“The last couple weeks we wanted to honor the military, so that was really good,” Bennett said.
Then he pulled out of his shaving kit at his locker a unit coin from the U.S. Army’s 25th Infantry Division. He said he got that on the field following Sunday’s game from a veteran of the Vietnam War.
“He was telling me about half his battalion (becoming) POWs and missing in action,” Bennett said. “This is an honor for me.”
On the opposite sideline during the anthem, 49ers players Eric Reid, Eli Harold and Marquise Goodwin kneeled.
Walsh misses again
The Seahawks’ 7-3 lead at the half would have been larger but Blair Walsh missed his fifth field goal in the past four games.
His 48-yard try at the end of the opening drive was a weird line drive that slid wide left of the upright.
Walsh began his first season in Seattle season 12-for-13 on field goals through seven games. He was 17-for-23 after Sunday’s miss, then made his only try of the second half.
Lane plays banged up
Jeremy Lane was active and started at cornerback, after all.
The Seahawks added Lane to the injury list as questionable Saturday with a knee injury. But Lane started at left corner for the second straight game since Richard Sherman ruptured his Achilles’ tendon Nov. 9 at Arizona and went on injured reserve.
Byron Maxwell was at right cornerback replacing rookie Shaquill Griffin. Griffin was out after getting a concussion six days earlier in the home loss to Atlanta.
Griffin and Kam Chancellor were on the field in team sweats during early pregame drills. Griffin jogged in the end zone while Chancellor stretched and talked to teammates.
Carroll said Friday Chancellor’s status related to his neck-stinger issue would gain “clarity” soon.
Defensive end Dion Jordan was out Sunday, further thinning the weakened defense. His emergence since debuting this month was part of the reason the Seahawks released future Hall-of-Fame pass rusher Dwight Freeney last week.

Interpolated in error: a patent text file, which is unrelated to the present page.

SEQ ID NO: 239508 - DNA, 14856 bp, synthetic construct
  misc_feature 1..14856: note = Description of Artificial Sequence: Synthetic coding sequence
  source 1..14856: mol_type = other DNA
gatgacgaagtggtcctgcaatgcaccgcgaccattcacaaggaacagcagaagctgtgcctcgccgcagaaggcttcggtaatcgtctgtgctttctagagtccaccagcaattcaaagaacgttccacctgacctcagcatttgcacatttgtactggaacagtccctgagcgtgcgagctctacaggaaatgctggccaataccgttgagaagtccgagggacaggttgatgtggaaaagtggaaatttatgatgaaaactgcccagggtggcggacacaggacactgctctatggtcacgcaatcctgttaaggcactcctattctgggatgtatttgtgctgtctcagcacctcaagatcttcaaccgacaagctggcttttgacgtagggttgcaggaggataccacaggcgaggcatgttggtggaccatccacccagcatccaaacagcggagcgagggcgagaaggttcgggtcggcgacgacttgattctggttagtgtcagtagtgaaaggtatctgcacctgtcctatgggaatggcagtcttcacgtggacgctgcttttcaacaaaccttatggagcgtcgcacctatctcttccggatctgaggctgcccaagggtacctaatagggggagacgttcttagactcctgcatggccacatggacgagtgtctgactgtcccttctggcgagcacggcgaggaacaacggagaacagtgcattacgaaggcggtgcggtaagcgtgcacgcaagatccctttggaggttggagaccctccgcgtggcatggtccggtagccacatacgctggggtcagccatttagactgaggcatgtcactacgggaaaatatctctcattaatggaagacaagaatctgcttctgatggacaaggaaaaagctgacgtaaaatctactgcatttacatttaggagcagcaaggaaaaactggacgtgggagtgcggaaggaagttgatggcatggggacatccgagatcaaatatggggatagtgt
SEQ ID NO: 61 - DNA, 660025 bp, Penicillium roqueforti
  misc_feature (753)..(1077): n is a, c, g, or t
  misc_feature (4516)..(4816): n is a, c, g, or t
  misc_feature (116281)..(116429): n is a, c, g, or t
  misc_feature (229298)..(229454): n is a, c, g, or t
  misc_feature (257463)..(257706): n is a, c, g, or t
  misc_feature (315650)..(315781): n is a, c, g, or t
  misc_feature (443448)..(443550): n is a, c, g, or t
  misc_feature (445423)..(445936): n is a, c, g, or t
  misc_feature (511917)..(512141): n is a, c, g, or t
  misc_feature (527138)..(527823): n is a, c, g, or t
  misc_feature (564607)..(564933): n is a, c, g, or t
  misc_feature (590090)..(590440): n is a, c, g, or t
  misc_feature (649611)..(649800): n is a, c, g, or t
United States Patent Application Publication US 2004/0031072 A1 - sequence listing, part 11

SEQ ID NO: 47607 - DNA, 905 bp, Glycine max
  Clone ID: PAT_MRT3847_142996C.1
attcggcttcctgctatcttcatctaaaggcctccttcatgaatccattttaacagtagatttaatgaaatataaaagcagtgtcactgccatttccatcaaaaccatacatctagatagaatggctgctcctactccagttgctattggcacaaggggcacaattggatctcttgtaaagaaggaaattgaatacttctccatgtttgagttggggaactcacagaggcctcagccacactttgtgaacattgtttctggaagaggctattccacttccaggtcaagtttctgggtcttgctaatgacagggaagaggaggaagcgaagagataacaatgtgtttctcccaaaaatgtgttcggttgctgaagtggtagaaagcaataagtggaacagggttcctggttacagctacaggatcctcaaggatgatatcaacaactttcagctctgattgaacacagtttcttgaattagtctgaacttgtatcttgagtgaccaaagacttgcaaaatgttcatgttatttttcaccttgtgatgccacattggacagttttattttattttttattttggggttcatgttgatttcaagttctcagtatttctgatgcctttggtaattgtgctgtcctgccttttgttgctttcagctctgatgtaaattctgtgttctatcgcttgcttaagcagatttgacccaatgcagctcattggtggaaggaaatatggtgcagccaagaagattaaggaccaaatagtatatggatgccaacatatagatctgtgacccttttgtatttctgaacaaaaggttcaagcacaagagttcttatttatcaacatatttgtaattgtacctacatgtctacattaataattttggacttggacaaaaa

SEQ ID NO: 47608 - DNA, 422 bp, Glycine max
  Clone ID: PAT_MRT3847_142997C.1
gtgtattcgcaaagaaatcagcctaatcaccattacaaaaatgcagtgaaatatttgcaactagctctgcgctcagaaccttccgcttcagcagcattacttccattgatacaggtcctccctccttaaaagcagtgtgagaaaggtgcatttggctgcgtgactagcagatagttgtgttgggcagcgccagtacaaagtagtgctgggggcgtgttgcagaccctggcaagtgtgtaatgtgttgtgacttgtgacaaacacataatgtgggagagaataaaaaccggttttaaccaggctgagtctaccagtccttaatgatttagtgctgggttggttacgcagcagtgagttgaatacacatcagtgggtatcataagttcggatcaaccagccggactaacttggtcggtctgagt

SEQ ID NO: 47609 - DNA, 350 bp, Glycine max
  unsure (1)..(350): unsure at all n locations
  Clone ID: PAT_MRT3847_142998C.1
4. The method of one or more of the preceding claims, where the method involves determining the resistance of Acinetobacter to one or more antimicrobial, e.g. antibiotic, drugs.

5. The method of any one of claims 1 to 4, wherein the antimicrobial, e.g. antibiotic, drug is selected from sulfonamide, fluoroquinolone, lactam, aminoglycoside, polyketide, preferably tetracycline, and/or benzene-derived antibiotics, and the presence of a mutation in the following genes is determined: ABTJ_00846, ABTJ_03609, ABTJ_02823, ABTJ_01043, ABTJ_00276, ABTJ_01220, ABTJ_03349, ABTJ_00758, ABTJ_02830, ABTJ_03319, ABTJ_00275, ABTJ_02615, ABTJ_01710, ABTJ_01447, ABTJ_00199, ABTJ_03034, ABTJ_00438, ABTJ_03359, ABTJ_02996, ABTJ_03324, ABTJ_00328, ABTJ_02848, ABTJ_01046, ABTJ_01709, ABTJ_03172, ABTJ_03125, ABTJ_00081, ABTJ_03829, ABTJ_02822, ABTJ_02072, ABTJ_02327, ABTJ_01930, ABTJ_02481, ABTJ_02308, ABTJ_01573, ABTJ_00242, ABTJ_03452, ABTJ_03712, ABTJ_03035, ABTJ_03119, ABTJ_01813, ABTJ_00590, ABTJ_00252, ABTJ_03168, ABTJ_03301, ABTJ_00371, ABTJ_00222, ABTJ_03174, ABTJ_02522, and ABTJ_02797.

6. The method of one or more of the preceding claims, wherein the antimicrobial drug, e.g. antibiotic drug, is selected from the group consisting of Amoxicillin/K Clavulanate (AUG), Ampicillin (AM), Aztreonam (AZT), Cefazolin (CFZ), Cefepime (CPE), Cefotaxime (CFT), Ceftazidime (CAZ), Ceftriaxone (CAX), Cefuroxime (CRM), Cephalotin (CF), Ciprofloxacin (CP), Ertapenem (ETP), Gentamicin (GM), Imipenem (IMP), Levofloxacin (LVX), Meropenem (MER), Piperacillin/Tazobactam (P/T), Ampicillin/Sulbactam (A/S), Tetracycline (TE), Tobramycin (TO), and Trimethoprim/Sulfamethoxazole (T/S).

The Seahawks promoted rookie wide receiver David Moore off the practice squad to take Freeney’s place on the roster. But Moore was inactive for his first NFL game.
Right guard Oday Aboushi’s shoulder injury meant rookie Ethan Pocic started at right guard. Pocic had been the left guard for the five games Luke Joeckel missed following his knee surgery last month. Joeckel returned Sunday and started at left tackle.
Tight end Luke Willson left the game in the first quarter with a concussion and did not return. Carroll said Willson was “lucid” but in the league’s concussion protocol. … Jon Ryan had a 74-yard punt with a great bounce late in the second quarter. It came on his 36th birthday. His career long was at San Francisco on Sept. 11, 2011, 77 yards.
Garoppolo makes Niners debut
Jimmy Garoppolo drew roars from the few remaining fans with 1:07 remaining in the game when Tom Brady’s former New England backup made his San Francisco debut. That was after C.J. Beathard left injured, having completed 22 of 38 passes for 201 yards.
“I thought that was rude,” Bennett said of the fans cheering Beathard getting hurt so Garoppolo could play.
Garoppolo threw for San Francisco’s only touchdown on the game’s final play, making the final score closer than the game was.
“I’m glad they didn’t put him in earlier,” Bennett said.